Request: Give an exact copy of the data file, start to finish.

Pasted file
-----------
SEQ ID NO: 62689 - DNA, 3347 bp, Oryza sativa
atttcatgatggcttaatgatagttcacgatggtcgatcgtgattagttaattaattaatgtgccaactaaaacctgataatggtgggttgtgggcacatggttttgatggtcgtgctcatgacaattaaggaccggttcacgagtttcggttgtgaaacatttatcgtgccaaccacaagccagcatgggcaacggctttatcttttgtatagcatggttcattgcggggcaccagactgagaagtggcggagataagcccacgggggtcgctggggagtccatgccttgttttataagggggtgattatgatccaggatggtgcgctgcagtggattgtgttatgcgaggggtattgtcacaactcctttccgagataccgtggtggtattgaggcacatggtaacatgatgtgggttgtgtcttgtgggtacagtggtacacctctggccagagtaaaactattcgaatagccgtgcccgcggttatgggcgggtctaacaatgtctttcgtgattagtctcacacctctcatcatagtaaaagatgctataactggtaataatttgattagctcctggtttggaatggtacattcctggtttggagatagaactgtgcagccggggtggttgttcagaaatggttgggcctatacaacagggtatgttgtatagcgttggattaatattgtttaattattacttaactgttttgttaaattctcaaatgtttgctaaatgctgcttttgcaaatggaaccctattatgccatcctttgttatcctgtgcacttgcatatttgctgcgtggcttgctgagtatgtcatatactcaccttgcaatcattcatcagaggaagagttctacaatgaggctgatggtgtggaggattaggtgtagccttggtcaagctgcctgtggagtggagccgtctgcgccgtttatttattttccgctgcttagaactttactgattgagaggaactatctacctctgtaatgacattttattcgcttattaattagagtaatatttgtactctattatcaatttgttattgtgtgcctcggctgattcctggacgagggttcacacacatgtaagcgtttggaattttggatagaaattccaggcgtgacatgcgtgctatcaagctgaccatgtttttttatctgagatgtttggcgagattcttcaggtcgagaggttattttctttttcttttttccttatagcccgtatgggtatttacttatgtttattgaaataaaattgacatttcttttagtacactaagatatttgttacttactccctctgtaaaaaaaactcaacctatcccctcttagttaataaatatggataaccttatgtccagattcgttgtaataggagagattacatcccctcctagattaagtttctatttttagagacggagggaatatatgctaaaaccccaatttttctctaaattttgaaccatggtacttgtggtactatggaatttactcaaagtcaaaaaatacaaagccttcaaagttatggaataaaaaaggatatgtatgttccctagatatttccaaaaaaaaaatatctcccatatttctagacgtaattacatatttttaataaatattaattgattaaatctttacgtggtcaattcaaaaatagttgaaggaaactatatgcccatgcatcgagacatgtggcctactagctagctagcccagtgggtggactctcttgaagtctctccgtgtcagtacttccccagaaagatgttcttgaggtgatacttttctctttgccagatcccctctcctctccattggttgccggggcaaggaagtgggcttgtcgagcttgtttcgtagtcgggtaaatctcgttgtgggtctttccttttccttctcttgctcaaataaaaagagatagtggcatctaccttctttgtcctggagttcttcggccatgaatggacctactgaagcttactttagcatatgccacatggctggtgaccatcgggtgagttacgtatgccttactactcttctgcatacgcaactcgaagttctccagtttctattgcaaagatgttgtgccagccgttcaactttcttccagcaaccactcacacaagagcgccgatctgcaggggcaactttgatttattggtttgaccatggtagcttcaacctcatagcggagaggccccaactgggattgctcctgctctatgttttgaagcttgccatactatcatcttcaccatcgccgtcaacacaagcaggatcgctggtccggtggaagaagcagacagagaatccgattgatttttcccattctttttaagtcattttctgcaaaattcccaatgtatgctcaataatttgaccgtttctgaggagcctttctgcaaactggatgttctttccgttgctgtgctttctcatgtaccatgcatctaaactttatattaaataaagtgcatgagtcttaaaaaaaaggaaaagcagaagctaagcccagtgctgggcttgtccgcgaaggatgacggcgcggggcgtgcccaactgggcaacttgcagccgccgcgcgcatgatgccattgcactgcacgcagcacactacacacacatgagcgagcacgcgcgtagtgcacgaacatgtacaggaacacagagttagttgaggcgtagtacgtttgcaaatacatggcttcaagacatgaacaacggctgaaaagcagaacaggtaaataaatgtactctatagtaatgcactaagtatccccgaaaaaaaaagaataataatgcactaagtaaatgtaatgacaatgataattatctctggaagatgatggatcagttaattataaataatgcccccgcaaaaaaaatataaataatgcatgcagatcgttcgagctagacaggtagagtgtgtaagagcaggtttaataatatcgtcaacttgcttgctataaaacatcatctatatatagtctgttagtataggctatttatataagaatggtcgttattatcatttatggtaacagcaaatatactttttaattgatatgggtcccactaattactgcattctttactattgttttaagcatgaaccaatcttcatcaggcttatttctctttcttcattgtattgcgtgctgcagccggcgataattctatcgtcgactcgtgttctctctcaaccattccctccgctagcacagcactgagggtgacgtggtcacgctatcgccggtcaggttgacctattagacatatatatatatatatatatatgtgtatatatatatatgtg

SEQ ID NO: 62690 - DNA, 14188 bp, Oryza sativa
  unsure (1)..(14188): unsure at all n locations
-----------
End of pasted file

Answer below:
SEQ ID NO: 62689 - DNA, 3347 bp, Oryza sativa
atttcatgatggcttaatgatagttcacgatggtcgatcgtgattagttaattaattaatgtgccaactaaaacctgataatggtgggttgtgggcacatggttttgatggtcgtgctcatgacaattaaggaccggttcacgagtttcggttgtgaaacatttatcgtgccaaccacaagccagcatgggcaacggctttatcttttgtatagcatggttcattgcggggcaccagactgagaagtggcggagataagcccacgggggtcgctggggagtccatgccttgttttataagggggtgattatgatccaggatggtgcgctgcagtggattgtgttatgcgaggggtattgtcacaactcctttccgagataccgtggtggtattgaggcacatggtaacatgatgtgggttgtgtcttgtgggtacagtggtacacctctggccagagtaaaactattcgaatagccgtgcccgcggttatgggcgggtctaacaatgtctttcgtgattagtctcacacctctcatcatagtaaaagatgctataactggtaataatttgattagctcctggtttggaatggtacattcctggtttggagatagaactgtgcagccggggtggttgttcagaaatggttgggcctatacaacagggtatgttgtatagcgttggattaatattgtttaattattacttaactgttttgttaaattctcaaatgtttgctaaatgctgcttttgcaaatggaaccctattatgccatcctttgttatcctgtgcacttgcatatttgctgcgtggcttgctgagtatgtcatatactcaccttgcaatcattcatcagaggaagagttctacaatgaggctgatggtgtggaggattaggtgtagccttggtcaagctgcctgtggagtggagccgtctgcgccgtttatttattttccgctgcttagaactttactgattgagaggaactatctacctctgtaatgacattttattcgcttattaattagagtaatatttgtactctattatcaatttgttattgtgtgcctcggctgattcctggacgagggttcacacacatgtaagcgtttggaattttggatagaaattccaggcgtgacatgcgtgctatcaagctgaccatgtttttttatctgagatgtttggcgagattcttcaggtcgagaggttattttctttttcttttttccttatagcccgtatgggtatttacttatgtttattgaaataaaattgacatttcttttagtacactaagatatttgttacttactccctctgtaaaaaaaactcaacctatcccctcttagttaataaatatggataaccttatgtccagattcgttgtaataggagagattacatcccctcctagattaagtttctatttttagagacggagggaatatatgctaaaaccccaatttttctctaaattttgaaccatggtacttgtggtactatggaatttactcaaagtcaaaaaatacaaagccttcaaagttatggaataaaaaaggatatgtatgttccctagatatttccaaaaaaaaaatatctcccatatttctagacgtaattacatatttttaataaatattaattgattaaatctttacgtggtcaattcaaaaatagttgaaggaaactatatgcccatgcatcgagacatgtggcctactagctagctagcccagtgggtggactctcttgaagtctctccgtgtcagtacttccccagaaagatgttcttgaggtgatacttttctctttgccagatcccctctcctctccattggttgccggggcaaggaagtgggcttgtcgagcttgtttcgtagtcgggtaaatctcgttgtgggtctttccttttccttctcttgctcaaataaaaagagatagtggcatctaccttctttgtcctggagttcttcggccatgaatggacctactgaagcttactttagcatatgccacatggctggtgaccatcgggtgagttacgtatgccttactactcttctgcatacgcaactcgaagttctccagtttctattgcaaagatgttgtgccagccgttcaactttcttccagcaaccactcacacaagagcgccgatctgcaggggcaactttgatttattggtttgaccatggtagcttcaacctcatagcggagaggccccaactgggattgctcctgctctatgttttgaagcttgccatactatcatcttcaccatcgccgtcaacacaagcaggatcgctggtccggtggaagaagcagacagagaatccgattgatttttcccattctttttaagtcattttctgcaaaattcccaatgtatgctcaataatttgaccgtttctgaggagcctttctgcaaactggatgttctttccgttgctgtgctttctcatgtaccatgcatctaaactttatattaaataaagtgcatgagtcttaaaaaaaaggaaaagcagaagctaagcccagtgctgggcttgtccgcgaaggatgacggcgcggggcgtgcccaactgggcaacttgcagccgccgcgcgcatgatgccattgcactgcacgcagcacactacacacacatgagcgagcacgcgcgtagtgcacgaacatgtacaggaacacagagttagttgaggcgtagtacgtttgcaaatacatggcttcaagacatgaacaacggctgaaaagcagaacaggtaaataaatgtactctatagtaatgcactaagtatccccgaaaaaaaaagaataataatgcactaagtaaatgtaatgacaatgataattatctctggaagatgatggatcagttaattataaataatgcccccgcaaaaaaaatataaataatgcatgcagatcgttcgagctagacaggtagagtgtgtaagagcaggtttaataatatcgtcaacttgcttgctataaaacatcatctatatatagtctgttagtataggctatttatataagaatggtcgttattatcatttatggtaacagcaaatatactttttaattgatatgggtcccactaattactgcattctttactattgttttaagcatgaaccaatcttcatcaggcttatttctctttcttcattgtattgcgtgctgcagccggcgataattctatcgtcgactcgtgttctctctcaaccattccctccgctagcacagcactgagggtgacgtggtcacgctatcgccggtcaggttgacctattagacatatatatatatatatatatatgtgtatatatatatatgtg

SEQ ID NO: 62690 - DNA, 14188 bp, Oryza sativa
  unsure (1)..(14188): unsure at all n locations